My wife's best friend's sister lives a few hours from us. The sister is divorced. There are three kids from the marriage and the ex-husband lives nearby and has a regular visitation. My wife's friend calls up, distraught. Her sister is afraid her ex-husband is planning to violate the terms of visitation. I am only slightly acquainted with the divorced couple.
Normally, I don't do drama. If my wife's girlfriends call with a crisis, the most I will do is tell my wife they called. I've even asked people to call back and leave all the gory details on the answering machine so I don't have to be the messenger.
But I see a chance to make a difference here. My wife's friend is also my friend and this story has all the classic signs of a father being unfairly accused. I tell my wife's friend (truthfully) that my wife is not around but can I help? She is happy to begin spilling all the details. The three boys spent most of the summer with their father and are now back home with their mother for the school year. The youngest of the boys (9) is sad at the idea of going back to just seeing his dad every other weekend and is asking to stay with him more than that.
At this point, my wife's friend feels it is necessary to advise me of her ex-brother-in-law's failings as a father. When the boys were first born, he moved to his mother's house and left his wife alone to keep the house and care for the children. It doesn't sound like there was any infidelity involved. It sounds more like an all too common, ill-suited couple who found out quickly they didn't have what it takes to face the challenges of marriage and parenthood. In other words, neither of these people gets any awards but neither can either of them be held fully to blame for the mess they have made of things. All the traditional accusations are being flung. The ex-wife is afraid her ex-husband is planning to kidnap the boy. We all know such an accusation can only lead to bad things for the father and no repercussions for the mother.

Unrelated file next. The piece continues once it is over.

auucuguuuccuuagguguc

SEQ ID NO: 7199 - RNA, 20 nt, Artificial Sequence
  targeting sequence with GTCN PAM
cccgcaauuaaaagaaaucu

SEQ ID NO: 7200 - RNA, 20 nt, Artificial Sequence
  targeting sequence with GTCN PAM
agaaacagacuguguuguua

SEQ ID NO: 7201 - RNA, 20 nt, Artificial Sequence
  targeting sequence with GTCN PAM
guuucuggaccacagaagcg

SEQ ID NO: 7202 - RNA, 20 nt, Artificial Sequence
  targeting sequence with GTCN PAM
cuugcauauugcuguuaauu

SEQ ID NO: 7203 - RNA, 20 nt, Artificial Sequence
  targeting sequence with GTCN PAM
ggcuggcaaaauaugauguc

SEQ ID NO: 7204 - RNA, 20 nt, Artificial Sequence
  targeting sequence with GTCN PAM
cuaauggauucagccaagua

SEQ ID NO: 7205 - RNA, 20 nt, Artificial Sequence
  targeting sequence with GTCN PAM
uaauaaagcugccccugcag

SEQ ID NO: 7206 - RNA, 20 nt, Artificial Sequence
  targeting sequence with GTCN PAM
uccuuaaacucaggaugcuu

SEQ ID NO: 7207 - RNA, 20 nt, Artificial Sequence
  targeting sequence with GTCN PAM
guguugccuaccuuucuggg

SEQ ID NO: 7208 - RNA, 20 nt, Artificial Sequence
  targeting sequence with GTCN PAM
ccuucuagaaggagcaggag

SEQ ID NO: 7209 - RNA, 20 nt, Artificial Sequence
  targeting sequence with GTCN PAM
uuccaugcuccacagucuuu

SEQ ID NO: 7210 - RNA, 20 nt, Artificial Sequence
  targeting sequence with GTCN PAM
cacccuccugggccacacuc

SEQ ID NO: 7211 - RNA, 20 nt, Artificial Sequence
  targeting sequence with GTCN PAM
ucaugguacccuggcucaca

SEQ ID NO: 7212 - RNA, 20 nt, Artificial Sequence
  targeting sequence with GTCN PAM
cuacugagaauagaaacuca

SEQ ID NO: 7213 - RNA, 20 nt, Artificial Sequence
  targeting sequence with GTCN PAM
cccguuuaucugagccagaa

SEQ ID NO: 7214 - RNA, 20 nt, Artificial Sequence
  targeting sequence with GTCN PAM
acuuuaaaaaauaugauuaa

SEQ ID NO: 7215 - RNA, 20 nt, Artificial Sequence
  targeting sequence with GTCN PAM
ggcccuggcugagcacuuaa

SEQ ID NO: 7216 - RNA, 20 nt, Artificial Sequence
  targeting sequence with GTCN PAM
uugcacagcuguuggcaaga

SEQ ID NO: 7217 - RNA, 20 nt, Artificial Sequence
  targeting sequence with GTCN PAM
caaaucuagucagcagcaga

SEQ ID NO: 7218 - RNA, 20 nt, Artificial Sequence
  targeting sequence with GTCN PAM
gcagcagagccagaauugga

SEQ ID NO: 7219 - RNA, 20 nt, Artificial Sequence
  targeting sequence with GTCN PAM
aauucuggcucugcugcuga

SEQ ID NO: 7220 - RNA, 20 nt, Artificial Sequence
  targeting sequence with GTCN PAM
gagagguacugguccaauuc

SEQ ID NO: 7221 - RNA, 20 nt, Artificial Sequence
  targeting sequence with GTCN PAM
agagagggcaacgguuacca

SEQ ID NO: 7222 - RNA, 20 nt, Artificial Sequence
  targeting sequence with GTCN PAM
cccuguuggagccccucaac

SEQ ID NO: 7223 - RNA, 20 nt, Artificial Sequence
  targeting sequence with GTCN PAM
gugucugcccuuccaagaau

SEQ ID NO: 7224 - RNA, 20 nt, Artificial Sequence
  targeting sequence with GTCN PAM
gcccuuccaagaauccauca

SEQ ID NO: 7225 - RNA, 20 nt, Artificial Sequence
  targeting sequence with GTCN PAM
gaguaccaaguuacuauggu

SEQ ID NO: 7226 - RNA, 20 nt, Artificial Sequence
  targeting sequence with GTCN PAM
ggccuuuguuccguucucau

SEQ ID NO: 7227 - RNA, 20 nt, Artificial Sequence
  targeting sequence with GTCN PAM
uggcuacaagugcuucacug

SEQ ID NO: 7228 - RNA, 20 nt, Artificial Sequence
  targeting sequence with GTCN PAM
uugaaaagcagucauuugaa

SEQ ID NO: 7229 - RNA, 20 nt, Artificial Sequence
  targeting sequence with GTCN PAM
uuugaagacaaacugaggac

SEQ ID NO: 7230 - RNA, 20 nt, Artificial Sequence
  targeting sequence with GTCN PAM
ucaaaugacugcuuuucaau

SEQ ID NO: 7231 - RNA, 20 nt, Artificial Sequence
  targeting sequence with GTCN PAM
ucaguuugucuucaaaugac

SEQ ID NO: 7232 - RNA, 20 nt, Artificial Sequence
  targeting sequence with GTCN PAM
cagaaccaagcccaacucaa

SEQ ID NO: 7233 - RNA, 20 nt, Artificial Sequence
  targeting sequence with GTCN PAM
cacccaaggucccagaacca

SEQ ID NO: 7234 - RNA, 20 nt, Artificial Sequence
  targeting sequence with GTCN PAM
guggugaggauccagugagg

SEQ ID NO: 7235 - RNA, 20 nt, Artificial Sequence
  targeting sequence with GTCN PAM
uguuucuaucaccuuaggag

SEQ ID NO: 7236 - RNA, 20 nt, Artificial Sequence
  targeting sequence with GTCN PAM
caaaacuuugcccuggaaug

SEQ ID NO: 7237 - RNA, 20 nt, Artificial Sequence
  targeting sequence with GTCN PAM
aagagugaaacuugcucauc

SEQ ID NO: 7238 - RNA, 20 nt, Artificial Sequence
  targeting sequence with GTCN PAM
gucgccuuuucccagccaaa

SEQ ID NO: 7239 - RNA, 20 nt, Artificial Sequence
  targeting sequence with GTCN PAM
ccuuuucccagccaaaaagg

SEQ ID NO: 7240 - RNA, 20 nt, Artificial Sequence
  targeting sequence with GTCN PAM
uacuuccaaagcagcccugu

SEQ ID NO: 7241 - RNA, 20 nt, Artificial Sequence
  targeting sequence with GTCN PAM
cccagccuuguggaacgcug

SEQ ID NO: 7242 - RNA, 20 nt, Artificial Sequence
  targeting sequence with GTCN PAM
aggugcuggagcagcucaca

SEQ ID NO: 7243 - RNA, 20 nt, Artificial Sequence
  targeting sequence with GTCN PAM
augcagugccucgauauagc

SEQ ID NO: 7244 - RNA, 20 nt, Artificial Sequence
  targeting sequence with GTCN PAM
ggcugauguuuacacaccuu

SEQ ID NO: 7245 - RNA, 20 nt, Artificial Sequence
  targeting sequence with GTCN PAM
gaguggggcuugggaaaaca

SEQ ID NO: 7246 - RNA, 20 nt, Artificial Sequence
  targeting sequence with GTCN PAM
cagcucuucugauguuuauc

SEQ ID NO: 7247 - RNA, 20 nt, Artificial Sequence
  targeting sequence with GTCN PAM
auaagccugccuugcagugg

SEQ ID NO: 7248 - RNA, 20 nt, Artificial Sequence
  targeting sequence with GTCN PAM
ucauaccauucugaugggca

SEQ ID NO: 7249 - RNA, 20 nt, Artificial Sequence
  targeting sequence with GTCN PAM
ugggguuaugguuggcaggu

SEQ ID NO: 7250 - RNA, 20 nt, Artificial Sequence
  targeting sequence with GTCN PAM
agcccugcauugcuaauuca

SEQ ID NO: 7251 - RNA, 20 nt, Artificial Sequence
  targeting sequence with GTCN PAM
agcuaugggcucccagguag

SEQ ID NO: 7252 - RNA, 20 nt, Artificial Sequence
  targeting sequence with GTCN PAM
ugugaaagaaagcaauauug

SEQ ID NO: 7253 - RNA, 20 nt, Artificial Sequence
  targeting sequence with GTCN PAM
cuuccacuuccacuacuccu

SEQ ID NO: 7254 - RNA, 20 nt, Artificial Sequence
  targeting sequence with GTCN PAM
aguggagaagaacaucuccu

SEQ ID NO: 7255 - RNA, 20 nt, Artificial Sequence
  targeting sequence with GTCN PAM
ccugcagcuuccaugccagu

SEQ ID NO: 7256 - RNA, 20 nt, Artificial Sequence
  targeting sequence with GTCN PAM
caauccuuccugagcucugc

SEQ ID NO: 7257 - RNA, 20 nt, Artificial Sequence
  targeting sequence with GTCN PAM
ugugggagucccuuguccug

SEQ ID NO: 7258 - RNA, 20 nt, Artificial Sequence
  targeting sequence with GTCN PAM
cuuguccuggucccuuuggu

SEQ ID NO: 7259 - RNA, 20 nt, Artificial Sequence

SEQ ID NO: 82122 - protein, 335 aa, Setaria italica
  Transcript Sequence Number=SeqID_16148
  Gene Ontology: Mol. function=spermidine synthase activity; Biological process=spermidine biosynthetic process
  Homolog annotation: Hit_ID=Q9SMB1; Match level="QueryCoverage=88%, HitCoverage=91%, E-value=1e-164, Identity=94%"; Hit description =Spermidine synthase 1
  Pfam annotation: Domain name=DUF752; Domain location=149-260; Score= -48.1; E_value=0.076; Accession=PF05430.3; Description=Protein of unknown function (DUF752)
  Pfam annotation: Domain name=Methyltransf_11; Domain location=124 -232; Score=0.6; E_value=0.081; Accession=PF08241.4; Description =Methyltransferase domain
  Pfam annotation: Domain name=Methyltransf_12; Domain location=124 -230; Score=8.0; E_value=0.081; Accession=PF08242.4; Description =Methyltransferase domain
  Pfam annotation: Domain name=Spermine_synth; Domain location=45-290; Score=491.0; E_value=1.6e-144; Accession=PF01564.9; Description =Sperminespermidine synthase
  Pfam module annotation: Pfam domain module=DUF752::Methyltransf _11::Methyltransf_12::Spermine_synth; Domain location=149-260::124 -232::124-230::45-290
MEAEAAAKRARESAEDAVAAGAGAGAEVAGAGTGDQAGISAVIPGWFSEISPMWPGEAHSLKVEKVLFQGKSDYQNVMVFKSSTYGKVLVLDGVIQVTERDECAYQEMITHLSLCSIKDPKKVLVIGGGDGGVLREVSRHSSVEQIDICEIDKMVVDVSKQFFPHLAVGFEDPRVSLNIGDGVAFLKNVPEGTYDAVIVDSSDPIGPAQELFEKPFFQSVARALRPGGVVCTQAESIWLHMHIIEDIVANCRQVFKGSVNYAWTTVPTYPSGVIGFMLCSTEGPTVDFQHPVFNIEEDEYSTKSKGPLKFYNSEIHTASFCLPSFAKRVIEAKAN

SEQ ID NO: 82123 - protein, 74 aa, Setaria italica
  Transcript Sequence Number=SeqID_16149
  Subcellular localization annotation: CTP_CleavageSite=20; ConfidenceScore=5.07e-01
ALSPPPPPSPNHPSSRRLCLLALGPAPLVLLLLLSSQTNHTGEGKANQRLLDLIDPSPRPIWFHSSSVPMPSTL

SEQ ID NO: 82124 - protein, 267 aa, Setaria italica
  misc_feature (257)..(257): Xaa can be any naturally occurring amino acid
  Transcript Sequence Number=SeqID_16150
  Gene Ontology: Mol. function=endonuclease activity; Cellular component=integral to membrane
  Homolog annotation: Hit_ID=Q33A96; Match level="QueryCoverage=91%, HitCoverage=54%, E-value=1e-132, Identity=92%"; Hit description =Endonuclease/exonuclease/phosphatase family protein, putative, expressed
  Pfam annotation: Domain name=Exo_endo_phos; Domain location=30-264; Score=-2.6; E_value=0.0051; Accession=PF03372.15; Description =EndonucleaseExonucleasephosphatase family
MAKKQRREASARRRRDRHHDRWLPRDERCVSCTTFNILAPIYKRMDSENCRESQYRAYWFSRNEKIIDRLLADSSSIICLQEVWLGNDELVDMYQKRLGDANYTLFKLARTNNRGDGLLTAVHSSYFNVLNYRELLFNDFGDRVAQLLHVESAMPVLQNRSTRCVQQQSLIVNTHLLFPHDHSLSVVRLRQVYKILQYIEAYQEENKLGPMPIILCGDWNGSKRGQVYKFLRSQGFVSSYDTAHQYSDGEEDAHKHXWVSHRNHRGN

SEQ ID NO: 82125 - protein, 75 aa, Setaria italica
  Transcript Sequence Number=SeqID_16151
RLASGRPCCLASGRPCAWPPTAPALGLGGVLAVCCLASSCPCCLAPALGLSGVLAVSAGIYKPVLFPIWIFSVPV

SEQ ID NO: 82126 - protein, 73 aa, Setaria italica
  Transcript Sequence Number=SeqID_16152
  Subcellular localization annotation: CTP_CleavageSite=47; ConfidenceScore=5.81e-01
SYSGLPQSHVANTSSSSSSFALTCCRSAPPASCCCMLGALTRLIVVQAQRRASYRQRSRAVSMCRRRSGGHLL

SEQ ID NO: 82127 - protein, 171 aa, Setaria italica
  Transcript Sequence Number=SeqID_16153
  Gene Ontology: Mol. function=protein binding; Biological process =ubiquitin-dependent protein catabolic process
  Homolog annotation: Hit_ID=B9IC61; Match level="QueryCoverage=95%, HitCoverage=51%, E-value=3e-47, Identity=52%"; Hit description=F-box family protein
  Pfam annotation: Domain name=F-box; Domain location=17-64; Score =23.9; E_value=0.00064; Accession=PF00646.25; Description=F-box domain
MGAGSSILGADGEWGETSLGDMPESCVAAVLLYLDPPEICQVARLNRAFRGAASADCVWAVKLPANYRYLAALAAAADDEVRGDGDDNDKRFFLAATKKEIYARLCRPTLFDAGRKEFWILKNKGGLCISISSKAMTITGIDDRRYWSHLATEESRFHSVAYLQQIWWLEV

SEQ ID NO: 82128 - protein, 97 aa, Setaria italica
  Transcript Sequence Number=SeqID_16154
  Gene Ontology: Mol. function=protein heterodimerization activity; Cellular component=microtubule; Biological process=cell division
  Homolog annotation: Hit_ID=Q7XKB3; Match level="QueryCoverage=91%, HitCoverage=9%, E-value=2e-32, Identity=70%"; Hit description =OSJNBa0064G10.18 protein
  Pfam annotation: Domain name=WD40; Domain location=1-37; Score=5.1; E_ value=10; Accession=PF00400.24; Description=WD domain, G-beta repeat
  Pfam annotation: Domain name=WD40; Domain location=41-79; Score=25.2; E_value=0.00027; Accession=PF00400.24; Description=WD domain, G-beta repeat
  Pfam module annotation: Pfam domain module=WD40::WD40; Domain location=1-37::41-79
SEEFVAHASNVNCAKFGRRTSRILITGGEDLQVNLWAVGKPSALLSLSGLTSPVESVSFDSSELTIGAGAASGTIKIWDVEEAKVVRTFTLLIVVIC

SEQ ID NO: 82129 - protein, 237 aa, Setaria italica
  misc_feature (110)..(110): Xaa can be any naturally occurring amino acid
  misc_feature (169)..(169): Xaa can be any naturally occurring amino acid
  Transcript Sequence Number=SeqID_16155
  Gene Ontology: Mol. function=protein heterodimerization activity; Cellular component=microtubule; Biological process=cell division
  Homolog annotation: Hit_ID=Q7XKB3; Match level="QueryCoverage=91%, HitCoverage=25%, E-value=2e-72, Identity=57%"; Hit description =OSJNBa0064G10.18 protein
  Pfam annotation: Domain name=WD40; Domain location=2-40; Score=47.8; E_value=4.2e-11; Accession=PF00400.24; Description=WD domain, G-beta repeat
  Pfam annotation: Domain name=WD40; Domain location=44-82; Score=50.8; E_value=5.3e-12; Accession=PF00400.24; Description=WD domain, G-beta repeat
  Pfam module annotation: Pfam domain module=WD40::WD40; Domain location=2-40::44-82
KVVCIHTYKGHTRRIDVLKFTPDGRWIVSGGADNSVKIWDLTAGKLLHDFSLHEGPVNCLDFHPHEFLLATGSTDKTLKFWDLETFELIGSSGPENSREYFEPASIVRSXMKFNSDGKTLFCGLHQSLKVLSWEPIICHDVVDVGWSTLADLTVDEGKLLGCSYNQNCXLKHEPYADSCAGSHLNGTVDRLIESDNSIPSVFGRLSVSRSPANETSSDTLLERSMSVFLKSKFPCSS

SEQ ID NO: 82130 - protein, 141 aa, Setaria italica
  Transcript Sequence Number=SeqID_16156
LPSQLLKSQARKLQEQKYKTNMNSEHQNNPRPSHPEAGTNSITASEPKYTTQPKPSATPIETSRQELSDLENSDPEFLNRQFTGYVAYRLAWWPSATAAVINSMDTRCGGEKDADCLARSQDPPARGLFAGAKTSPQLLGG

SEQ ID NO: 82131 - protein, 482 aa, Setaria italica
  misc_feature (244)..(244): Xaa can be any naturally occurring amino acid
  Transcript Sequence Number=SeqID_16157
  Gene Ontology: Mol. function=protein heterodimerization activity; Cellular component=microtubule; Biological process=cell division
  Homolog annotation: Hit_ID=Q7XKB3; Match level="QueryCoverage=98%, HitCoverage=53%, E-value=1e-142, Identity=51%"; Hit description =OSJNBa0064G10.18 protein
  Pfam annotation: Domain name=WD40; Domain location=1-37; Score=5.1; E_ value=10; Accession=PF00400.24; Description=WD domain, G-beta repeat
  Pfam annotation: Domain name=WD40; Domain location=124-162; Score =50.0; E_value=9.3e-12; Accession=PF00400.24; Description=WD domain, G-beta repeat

My wife's friend is planning to travel the several hours to be at her sister's side and wants my wife to come along for moral support. (My wife's friend is a recovering alcoholic with only a few days of sobriety under her belt. Not everyone will see it this way but my wife and I do like this person and don't want to tell her "not my problem." Anyway, if she weren't in such a fragile condition, I would never have heard of this whole soap opera.)
I think I am in a unique and possibly advantageous situation. My wife is potentially part of a gang of banshees descending on an unsuspecting fellow who had the audacity to bond with his son over summer vacation. I have one tiny fingertip of influence in the situation and I plan use it shrewdly with the hope that this shitstorm doesn't have to end with the misery the current circumstances seem to dictate.
My wife and I are on the same page: she is going along to stand by her friend, not to get involved in another family's issues. To the extent that my wife's presence involves us in the situation, my wife's friend seems to be at least partially receptive to my perspective on the conflict. My own expectations are not lofty. If I can get my wife's friend to sit down with her sister's ex and get his side of the conflict, I will call that a small victory in a thick forest of injustice. She will have to put aside her natural desire to show solidarity with her sister but I think she loves her nephews enough to look for a peaceful resolution.
I will post more as it develops but it might be next week before I have more to add. Any insights are appreciated.